EcoWaste Coalition Welcomes Industry Assurance that Latex Paints are Mercury-Free

The EcoWaste Coalition, a watch group on toxic chemicals, products and wastes, lauded the country’s paint manufacturers for assuring the public that latex paints being sold in
the market are free of mercury.

“We commend our paint makers for producing mercury-free water-based paint formulations. This augurs well for the industry’s progressive shift to lead-free solvent-based paints used for decorative and industrial applications.  This is really a good news for the Filipino family as both lead and mercury are known neurotoxins that are particularly dangerous for pregnant women and children,” said Aileen Lucero, National Coordinator, EcoWaste Coalition.

Through a statement, the Philippine Association of Paint Manufacturers (PAPM) said that paint makers “have not used or have long since halted the use of mercury-based preservatives in latex paint formulations.”

Boysen and Davies, for example, have been making mercury-free latex paints since the late 1970s, way ahead of the US ban on mercury in interior latex paint in 1990 and exterior latex paint in 1991.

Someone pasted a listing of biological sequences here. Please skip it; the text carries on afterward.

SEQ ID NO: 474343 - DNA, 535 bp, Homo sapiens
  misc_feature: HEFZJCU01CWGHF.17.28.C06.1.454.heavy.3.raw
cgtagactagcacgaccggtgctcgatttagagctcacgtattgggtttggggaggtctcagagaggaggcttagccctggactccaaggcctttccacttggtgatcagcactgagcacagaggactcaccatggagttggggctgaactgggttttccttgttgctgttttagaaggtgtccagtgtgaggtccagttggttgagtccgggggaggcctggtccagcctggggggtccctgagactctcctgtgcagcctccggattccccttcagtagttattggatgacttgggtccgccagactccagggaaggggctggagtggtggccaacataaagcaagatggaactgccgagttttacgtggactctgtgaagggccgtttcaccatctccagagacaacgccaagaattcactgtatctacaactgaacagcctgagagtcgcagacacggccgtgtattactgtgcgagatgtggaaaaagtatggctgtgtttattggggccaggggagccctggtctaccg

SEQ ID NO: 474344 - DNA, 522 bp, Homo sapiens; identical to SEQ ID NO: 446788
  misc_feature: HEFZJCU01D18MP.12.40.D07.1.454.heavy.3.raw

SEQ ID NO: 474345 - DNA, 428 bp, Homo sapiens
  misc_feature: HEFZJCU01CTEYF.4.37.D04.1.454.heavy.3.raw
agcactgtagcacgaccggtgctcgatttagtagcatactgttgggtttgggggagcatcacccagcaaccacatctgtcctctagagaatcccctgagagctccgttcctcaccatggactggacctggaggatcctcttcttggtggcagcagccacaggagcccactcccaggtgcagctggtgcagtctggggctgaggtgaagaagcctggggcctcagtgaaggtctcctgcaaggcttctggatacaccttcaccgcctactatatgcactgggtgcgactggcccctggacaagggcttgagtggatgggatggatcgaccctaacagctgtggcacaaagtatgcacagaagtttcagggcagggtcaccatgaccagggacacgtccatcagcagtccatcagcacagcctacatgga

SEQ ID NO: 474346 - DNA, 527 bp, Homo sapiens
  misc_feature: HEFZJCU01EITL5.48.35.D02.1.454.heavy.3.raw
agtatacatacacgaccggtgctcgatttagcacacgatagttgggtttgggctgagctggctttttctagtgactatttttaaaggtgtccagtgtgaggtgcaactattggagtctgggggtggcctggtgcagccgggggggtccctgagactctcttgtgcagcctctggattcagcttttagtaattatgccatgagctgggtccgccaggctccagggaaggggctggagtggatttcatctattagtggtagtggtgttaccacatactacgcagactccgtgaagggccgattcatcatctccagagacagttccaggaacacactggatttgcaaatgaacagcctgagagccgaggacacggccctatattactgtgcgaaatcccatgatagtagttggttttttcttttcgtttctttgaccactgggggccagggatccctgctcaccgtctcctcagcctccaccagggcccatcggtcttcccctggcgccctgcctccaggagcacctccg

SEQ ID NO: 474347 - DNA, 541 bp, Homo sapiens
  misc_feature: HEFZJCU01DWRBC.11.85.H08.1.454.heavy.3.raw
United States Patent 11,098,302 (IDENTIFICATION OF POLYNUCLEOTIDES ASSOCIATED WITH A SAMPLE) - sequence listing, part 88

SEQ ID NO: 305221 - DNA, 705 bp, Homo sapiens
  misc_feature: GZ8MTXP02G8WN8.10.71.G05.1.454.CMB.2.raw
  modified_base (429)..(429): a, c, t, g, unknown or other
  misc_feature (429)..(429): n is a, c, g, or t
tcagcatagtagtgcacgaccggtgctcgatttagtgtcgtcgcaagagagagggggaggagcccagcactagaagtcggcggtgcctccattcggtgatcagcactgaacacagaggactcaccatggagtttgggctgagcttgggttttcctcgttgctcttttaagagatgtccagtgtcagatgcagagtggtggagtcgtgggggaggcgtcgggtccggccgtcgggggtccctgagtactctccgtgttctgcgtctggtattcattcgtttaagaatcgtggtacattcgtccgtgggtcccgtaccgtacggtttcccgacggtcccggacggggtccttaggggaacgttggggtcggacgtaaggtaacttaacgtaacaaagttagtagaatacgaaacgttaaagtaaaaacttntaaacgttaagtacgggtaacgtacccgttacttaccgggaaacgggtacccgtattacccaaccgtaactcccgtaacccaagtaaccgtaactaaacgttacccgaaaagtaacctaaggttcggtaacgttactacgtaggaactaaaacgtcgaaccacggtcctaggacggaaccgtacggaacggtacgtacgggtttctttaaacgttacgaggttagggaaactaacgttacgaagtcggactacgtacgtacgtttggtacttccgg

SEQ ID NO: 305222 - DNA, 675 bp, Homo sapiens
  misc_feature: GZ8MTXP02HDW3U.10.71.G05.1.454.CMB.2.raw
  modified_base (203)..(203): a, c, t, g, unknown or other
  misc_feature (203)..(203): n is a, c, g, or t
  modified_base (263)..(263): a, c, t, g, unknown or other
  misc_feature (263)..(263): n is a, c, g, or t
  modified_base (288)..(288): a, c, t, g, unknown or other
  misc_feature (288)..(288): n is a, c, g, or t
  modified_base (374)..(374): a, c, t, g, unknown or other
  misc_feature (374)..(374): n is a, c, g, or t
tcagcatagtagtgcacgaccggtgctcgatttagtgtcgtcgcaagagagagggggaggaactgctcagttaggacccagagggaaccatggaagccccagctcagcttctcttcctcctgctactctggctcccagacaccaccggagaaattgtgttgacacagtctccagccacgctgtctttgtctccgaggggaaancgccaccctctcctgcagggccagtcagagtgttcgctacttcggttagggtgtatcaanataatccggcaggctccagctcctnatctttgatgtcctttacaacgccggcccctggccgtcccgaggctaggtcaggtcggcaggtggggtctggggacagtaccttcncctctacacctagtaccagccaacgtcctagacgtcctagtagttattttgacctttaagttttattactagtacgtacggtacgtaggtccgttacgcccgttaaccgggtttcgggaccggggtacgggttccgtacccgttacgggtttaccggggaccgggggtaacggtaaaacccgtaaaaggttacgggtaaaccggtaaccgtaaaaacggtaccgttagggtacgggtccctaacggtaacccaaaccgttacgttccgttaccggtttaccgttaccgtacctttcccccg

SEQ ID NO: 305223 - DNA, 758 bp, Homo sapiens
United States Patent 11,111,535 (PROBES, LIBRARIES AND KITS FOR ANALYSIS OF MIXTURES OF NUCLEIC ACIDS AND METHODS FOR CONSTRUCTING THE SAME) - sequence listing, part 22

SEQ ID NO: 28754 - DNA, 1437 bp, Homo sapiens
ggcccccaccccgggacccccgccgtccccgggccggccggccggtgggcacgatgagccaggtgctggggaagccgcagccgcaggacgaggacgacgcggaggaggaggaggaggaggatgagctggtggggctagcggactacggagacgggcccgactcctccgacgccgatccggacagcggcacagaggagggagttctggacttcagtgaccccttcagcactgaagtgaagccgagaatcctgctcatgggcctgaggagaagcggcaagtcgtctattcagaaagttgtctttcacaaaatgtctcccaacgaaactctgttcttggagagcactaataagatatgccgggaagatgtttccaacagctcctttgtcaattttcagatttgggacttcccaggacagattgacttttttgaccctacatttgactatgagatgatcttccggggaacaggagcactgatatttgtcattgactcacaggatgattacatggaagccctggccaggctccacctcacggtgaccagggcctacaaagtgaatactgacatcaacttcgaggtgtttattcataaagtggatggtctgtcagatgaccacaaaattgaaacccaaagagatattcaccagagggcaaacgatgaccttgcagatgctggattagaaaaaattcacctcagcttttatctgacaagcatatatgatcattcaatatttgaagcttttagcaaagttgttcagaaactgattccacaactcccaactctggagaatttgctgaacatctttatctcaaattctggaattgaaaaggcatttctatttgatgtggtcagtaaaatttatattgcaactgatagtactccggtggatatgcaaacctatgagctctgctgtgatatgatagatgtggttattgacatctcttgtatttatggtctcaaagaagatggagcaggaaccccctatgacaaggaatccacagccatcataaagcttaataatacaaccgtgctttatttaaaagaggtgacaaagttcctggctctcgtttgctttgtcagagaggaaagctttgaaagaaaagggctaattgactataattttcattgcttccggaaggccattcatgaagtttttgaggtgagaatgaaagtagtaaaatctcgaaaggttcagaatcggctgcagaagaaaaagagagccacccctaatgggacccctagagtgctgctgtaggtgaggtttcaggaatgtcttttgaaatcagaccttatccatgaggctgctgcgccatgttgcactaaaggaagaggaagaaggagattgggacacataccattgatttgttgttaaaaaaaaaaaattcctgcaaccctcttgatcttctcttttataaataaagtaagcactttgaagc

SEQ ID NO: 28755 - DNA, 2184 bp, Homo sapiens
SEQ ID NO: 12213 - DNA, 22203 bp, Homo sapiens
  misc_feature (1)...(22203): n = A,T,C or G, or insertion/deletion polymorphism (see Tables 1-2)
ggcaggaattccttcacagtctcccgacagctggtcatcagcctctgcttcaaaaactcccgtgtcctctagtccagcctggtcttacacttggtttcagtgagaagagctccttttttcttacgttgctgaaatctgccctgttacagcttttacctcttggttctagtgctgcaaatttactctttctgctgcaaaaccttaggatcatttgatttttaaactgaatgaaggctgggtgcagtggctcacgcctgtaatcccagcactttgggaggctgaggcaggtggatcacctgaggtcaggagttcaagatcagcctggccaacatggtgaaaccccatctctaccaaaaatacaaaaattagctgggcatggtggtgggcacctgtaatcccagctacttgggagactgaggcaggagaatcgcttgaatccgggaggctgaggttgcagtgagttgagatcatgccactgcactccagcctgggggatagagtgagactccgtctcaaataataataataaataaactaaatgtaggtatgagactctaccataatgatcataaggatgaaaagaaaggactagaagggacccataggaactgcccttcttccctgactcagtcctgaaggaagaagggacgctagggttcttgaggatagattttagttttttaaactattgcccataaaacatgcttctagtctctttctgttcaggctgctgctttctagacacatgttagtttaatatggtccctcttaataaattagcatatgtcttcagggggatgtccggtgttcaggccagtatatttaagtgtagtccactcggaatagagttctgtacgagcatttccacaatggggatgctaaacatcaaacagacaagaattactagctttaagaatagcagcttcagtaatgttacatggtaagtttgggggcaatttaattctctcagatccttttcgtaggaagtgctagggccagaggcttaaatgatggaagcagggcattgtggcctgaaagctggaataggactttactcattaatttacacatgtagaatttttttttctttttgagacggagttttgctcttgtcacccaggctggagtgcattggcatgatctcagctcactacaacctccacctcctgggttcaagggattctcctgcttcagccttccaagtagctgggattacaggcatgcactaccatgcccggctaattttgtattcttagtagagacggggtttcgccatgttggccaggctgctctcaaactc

“The use of phenylmercuric acetate and other mercury compounds as biocide, fungicide or mildewcide, particularly in latex paints, is a thing of the past as alternative paint preservatives to prolong a product’s shelf-life without causing serious health risks are available in the raw materials market,” the PAPM said.

The PAPM made the statement amid the ongoing work to update the Department of Environment and Natural Resources (DENR) Administrative Order (AO) 1997-38, or the Chemical Control Order (CCO) for Mercury and Mercury Compounds, in preparation for the country’s ratification of the Minamata Convention on Mercury.

The PAPM is one with the government, industry and the civil society in promoting the ratification and implementation of the Minamata Convention, a globally binding agreement that aims to prevent and reduce mercury pollution to protect public health and the environment, the statement said.

The PAPM, in particular, poses no objection to the removal of the use of mercury and mercury compounds in paint manufacturing as an allowable use under DENR A.O. 1997-38, which was promulgated almost 20 years ago.

“Our strong support for mercury-free paint and for lead-safe paint is consistent with the industry thrust to provide the market with eco-friendly paints,  and in line with the DENR AO 2013-24, or the CCO for Lead and Lead Compounds, and the international goal of eliminating lead paint by 2020 as declared by the Global Alliance to Eliminate Lead Paint,” the PAPM said.

The PAPM also reiterated its “commitment to greener innovations and to meaningful collaborations with the DENR, the EcoWaste Coalition and IPEN (a global civil society network promoting safe chemicals policies and practices) for the benefit of our customers and our nation.”

The paint industry statement is very timely as the Minamata Convention on Mercury is scheduled to enter into force on August 16, 2017.